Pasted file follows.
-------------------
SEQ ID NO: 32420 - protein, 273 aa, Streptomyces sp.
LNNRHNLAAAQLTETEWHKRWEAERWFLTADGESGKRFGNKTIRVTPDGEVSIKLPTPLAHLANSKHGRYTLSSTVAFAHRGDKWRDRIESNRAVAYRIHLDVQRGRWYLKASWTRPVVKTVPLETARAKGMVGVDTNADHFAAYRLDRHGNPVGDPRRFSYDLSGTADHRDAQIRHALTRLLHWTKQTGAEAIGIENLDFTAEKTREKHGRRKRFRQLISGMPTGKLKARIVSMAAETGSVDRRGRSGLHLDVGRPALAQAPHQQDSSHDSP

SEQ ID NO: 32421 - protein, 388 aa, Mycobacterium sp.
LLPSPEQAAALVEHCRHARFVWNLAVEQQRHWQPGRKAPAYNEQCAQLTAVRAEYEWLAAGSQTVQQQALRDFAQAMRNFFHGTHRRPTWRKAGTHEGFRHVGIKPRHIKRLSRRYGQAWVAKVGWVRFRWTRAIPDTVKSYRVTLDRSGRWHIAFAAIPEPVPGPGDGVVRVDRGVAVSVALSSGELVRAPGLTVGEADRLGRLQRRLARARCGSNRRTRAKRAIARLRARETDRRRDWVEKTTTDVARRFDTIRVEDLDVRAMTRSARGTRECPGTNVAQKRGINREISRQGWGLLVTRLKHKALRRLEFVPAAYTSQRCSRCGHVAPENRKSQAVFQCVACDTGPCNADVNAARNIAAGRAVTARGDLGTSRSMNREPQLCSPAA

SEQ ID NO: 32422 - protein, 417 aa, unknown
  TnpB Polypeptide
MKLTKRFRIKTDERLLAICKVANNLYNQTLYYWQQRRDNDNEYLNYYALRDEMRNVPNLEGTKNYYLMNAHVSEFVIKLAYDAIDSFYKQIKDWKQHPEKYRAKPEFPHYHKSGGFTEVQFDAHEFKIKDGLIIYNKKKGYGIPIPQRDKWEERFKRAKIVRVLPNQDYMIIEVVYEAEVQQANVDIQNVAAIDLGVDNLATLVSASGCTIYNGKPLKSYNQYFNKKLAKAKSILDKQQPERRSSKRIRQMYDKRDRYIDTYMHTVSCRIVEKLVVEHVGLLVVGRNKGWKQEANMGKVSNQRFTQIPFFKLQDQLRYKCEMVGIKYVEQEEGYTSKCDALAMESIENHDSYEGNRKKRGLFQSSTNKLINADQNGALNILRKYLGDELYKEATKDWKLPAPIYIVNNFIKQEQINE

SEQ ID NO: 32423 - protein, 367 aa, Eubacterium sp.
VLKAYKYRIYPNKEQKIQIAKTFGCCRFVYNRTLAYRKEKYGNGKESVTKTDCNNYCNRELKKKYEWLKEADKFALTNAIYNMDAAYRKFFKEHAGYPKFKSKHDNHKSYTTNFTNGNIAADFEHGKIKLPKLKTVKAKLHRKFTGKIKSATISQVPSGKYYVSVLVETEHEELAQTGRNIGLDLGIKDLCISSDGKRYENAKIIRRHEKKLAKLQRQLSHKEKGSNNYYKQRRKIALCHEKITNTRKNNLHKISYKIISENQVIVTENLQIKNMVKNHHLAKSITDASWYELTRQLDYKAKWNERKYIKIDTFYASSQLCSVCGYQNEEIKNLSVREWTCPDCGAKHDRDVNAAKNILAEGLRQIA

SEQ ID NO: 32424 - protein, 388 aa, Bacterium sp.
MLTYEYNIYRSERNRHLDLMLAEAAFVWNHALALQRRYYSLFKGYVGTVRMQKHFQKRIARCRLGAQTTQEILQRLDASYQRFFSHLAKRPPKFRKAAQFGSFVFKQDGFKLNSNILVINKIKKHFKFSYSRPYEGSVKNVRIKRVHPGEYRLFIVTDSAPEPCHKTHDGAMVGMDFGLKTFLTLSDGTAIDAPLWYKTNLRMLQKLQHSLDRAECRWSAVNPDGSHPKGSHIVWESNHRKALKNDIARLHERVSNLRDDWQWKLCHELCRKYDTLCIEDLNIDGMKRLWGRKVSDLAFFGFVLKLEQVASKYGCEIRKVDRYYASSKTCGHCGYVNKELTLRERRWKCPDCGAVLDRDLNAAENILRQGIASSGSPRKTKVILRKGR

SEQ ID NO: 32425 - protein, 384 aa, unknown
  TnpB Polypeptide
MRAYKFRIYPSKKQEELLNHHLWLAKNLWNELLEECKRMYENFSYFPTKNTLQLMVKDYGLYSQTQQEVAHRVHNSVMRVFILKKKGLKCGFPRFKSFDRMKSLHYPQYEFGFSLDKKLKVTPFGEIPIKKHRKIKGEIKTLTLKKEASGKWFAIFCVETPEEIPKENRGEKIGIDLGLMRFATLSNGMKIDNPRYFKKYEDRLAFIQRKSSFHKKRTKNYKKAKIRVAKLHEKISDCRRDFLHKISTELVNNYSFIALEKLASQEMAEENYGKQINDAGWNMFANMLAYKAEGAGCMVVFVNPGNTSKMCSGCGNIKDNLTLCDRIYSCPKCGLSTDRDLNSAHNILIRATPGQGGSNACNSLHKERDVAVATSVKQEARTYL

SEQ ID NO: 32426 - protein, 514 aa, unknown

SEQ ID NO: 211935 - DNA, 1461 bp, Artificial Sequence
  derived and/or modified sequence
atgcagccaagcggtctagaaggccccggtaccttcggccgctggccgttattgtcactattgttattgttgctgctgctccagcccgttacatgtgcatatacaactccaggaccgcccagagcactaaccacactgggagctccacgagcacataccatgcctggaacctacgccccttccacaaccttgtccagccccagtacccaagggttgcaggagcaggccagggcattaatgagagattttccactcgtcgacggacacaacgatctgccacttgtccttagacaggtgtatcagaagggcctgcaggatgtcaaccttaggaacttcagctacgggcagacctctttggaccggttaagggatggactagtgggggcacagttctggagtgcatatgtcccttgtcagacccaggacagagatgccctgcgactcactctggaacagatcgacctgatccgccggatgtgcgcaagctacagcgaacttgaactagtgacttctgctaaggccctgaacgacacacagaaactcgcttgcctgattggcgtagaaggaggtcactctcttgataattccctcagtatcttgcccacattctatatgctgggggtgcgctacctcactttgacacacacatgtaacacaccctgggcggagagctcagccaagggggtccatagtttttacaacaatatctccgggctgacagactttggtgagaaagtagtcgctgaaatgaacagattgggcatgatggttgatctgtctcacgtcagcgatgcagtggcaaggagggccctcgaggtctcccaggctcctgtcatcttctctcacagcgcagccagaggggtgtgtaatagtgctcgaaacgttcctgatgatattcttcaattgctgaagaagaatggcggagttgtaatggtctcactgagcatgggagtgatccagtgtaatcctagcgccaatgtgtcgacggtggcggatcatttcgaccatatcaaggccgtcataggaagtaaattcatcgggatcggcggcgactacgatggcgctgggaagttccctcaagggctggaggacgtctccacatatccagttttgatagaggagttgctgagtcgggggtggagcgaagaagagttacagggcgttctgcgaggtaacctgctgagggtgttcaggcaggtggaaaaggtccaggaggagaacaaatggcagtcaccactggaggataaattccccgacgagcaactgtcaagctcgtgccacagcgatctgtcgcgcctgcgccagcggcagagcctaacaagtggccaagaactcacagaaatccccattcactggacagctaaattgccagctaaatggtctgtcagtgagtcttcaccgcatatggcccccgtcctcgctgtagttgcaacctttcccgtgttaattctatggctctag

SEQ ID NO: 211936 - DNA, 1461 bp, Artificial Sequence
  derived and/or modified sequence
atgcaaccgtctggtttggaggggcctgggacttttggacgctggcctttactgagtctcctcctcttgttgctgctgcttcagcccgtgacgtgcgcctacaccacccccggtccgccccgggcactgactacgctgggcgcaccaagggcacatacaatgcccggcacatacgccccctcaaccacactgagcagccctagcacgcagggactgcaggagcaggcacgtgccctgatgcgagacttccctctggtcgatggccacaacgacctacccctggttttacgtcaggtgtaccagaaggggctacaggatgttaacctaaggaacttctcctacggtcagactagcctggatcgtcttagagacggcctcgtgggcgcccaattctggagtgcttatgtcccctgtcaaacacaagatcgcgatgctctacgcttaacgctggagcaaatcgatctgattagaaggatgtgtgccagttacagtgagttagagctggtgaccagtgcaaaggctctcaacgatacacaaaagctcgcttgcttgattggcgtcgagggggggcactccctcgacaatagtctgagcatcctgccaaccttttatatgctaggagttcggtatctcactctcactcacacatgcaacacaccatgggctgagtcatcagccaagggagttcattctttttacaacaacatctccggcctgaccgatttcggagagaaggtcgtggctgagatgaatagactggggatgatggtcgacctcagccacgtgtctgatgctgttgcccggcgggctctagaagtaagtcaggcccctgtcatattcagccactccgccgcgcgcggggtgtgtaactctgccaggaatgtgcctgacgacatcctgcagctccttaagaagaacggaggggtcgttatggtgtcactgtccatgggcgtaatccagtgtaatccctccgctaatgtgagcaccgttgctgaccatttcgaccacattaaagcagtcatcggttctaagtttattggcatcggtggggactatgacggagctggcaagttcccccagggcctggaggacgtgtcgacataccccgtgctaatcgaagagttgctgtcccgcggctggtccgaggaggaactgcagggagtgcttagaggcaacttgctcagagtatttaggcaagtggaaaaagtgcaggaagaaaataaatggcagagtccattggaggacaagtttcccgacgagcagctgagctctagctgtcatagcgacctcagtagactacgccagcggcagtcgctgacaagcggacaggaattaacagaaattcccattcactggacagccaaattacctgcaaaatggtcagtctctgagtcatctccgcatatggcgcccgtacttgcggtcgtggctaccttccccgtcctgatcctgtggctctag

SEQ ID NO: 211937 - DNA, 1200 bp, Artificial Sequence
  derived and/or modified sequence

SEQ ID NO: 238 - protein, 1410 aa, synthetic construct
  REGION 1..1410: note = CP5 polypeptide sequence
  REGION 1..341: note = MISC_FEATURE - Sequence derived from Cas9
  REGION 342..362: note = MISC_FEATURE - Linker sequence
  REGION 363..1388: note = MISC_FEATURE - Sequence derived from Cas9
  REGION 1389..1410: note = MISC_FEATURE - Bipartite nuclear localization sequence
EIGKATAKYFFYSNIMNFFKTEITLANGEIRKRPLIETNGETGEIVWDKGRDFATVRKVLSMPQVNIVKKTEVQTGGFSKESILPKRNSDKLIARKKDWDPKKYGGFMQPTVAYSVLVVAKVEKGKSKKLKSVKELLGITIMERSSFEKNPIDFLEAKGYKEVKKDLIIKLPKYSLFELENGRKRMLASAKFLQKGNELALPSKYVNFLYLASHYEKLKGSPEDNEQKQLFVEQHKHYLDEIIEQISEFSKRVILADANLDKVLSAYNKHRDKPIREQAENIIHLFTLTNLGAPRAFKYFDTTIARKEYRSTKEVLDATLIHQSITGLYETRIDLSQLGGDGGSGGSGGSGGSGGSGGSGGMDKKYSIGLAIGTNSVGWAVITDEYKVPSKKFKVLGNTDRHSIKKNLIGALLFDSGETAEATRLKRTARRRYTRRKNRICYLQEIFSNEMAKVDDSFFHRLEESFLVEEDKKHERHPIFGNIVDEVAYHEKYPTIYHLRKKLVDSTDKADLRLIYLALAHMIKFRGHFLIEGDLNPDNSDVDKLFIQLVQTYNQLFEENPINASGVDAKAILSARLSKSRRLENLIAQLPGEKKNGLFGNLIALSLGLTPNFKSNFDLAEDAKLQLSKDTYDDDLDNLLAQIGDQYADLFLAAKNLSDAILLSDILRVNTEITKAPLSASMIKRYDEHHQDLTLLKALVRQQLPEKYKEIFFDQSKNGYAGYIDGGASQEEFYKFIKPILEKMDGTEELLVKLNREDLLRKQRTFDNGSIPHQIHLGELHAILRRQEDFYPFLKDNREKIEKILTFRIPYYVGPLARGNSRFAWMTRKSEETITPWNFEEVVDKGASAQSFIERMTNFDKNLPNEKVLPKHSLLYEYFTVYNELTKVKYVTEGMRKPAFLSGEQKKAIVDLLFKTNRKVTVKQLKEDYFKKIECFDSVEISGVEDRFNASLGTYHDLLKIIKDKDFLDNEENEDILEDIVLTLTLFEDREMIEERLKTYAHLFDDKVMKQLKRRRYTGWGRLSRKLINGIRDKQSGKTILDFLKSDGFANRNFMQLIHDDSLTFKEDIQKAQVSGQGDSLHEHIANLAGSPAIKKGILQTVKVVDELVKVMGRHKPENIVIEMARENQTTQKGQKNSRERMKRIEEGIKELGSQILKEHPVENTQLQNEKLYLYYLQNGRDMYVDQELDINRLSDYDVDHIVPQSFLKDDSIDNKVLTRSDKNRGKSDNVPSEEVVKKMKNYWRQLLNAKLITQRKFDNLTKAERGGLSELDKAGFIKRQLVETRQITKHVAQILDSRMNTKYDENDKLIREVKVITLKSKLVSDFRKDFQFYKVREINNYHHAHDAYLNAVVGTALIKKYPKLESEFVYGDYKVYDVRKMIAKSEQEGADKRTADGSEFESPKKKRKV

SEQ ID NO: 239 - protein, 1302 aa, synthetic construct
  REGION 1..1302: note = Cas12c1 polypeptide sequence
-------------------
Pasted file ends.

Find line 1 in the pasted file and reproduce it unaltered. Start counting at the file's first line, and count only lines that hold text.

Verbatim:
SEQ ID NO: 32420 - protein, 273 aa, Streptomyces sp.